If you just downloaded pre-configured firmware for your machine and flashed it and booted it up, then RRF will seem like a lot more ball-ache, but it actually makes you delve much deeper into how the machine works, broadens your understanding of it, and makes changing/upgraded/fault finding in the future far less daunting.



  • I can only speak from my own learning experience. Duet has a steep and sometimes costly (regarding time) learning curve, especially if what you're doing is currently in development ๐Ÿ™‚ But I will say that David and the forum here are a very dedicated and helpful group of people! Stick with it and once you get your rig up and running, you'll definitely be better for it.



  • @Forgvn77:

    I can only speak from my own learning experience. Duet has a steep and sometimes costly (regarding time) learning curve, especially if what you're doing is currently in development ๐Ÿ™‚ But I will say that David and the forum here are a very dedicated and helpful group of people! Stick with it and once you get your rig up and running, you'll definitely be better for it.

    Words from my mouth. I love this thing once i understood it. Lot's of little quality of life things that impress me daily.



  • I began installing the Duet Wifi on my printer on Friday. I've worked on it all weekend and all day today and still haven't managed a single successful print. Current problem is nozzle height. I've adjust my z-stop and leveled (trammed) my bed over and over again today. It seems like the z axis homes to a different place when I click "Home Z" than it does when it homes to start printing. When I click "Home Z" it'll barely touch the limit switch lever and stop. When it's printing, it smashes the lever all the way down against the body of the limit switch. Just now figured that out. But it's been one thing after another.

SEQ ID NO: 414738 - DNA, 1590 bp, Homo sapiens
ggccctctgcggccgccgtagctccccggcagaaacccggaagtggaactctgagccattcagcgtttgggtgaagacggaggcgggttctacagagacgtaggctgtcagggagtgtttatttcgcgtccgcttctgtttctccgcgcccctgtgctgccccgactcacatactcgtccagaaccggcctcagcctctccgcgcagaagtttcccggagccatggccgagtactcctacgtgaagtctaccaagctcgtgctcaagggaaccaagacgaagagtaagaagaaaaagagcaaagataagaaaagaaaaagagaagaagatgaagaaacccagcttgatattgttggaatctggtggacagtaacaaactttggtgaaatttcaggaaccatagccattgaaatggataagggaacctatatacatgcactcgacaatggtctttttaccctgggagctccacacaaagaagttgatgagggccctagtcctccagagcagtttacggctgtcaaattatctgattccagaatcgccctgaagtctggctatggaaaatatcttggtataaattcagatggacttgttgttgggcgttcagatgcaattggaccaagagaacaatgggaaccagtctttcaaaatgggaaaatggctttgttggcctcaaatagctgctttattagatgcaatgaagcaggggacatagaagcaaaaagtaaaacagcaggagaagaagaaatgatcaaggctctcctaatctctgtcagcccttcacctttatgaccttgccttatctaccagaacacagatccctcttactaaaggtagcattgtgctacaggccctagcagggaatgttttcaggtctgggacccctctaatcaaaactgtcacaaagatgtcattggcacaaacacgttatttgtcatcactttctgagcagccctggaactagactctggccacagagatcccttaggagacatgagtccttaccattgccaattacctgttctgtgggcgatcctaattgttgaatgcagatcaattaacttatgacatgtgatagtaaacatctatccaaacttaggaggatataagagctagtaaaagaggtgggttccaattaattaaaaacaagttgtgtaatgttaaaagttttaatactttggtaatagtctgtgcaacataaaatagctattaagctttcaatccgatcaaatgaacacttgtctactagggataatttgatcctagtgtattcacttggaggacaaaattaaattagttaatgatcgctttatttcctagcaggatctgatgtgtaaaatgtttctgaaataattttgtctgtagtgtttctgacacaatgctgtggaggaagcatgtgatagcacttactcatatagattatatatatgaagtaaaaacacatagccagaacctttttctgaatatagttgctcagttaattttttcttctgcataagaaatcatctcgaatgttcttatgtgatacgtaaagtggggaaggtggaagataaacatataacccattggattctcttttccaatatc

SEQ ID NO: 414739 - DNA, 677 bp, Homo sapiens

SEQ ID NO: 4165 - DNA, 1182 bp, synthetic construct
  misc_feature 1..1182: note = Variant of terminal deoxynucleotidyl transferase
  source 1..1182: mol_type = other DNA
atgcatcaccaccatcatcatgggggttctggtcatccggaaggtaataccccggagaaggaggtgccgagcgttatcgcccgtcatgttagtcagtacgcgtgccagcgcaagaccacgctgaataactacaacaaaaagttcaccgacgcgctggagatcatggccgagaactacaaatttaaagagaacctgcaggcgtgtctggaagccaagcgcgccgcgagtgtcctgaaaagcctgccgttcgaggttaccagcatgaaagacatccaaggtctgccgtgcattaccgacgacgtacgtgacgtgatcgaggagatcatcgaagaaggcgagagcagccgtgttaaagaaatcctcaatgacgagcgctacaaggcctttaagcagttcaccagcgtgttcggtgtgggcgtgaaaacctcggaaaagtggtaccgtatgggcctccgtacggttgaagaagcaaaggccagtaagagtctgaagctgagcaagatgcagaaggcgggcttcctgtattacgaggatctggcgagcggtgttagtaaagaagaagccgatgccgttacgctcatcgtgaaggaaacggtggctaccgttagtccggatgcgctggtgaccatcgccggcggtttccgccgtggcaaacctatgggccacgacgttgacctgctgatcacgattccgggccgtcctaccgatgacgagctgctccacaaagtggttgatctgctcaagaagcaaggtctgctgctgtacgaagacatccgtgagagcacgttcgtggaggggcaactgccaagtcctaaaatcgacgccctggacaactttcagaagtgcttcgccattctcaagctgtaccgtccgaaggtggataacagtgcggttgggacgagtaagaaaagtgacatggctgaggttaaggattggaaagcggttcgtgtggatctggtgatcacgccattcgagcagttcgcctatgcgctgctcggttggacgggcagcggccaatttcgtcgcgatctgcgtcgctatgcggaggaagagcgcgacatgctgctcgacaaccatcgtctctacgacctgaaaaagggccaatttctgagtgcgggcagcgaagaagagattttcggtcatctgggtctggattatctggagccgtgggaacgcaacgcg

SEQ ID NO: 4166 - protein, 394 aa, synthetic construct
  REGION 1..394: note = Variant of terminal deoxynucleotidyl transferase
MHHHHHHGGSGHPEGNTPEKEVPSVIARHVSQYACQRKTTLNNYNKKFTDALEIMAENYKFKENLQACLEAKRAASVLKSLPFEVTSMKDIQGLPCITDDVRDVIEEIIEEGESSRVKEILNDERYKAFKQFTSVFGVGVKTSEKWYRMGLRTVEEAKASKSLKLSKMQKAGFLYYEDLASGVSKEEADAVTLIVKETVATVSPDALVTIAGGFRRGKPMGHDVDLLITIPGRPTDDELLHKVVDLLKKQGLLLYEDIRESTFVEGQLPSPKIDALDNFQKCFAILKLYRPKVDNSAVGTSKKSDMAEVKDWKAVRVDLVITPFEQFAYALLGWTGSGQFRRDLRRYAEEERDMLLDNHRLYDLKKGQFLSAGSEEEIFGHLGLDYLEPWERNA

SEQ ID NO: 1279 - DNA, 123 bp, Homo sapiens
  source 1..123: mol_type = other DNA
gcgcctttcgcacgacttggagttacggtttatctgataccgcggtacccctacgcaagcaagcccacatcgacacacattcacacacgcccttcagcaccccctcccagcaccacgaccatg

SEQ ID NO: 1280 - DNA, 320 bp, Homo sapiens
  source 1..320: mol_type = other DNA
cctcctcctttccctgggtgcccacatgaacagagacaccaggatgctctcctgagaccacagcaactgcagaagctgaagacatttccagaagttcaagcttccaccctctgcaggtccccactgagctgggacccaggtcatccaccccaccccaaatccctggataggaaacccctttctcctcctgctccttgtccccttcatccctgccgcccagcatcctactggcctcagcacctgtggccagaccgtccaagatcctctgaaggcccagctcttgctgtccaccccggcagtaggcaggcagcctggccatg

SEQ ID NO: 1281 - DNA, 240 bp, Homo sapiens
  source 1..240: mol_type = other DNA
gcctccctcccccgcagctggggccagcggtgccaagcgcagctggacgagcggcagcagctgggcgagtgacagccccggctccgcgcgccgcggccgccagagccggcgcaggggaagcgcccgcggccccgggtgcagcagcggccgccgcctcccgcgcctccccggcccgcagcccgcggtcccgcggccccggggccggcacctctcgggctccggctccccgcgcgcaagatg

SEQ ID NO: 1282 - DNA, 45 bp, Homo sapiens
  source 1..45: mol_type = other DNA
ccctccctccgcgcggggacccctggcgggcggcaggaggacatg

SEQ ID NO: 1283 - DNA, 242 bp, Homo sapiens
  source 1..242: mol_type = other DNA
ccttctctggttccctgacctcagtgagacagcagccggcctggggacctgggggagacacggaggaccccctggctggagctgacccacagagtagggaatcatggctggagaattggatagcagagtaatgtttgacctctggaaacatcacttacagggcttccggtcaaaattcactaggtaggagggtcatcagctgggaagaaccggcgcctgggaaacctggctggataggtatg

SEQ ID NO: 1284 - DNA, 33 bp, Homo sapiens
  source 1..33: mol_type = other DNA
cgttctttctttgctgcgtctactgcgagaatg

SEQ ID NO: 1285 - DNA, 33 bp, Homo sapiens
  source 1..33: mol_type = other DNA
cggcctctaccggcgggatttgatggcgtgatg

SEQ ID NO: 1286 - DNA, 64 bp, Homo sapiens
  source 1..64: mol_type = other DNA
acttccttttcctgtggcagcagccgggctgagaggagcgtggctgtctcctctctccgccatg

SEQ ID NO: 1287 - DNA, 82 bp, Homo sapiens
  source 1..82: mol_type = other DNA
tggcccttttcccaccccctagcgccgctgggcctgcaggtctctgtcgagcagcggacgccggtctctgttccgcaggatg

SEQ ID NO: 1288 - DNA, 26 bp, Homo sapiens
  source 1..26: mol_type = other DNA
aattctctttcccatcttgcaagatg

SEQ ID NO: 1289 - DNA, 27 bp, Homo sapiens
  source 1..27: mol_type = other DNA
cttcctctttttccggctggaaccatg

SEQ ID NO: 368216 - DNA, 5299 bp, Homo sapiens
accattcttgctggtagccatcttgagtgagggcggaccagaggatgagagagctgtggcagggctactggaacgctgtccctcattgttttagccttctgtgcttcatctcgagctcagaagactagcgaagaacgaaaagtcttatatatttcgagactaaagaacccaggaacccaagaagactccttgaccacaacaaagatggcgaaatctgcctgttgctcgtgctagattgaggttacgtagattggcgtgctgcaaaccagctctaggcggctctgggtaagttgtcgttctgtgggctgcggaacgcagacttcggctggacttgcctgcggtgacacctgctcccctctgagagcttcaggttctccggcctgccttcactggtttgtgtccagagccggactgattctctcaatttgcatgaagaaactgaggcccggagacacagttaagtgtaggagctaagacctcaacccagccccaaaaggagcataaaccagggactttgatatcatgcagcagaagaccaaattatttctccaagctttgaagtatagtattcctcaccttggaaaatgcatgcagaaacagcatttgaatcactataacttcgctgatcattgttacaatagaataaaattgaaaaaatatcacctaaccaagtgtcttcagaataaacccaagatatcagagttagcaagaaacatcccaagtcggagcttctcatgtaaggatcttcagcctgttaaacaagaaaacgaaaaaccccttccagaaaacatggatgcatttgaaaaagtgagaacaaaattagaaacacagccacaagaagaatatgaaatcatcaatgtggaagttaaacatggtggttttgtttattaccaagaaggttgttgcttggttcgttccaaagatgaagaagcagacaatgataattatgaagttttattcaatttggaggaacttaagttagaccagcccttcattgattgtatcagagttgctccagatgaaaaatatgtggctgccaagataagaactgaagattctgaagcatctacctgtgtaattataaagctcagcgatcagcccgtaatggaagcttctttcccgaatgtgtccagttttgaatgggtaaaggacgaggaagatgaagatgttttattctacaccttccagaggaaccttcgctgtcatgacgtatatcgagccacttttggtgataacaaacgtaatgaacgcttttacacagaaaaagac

EDIT: Also, what is the deal with using the molex connectors? Luckily I had a pair of the special crimpers because I like buying tools but man, what a pain in the ass. I don't see any advantage molex connectors have over the green terminal block/header plugs like these:

    Crimping molex, dupont and jst connectors is pretty fiddly. Seems like there should be a bench-mounted press for those instead of hand-held crimpers. After crimping new molex connectors for everything on my printer, I don't see why those connectors exist at all.



  • What type of printer is it?



  • @Billhc83:

    What type of printer is it?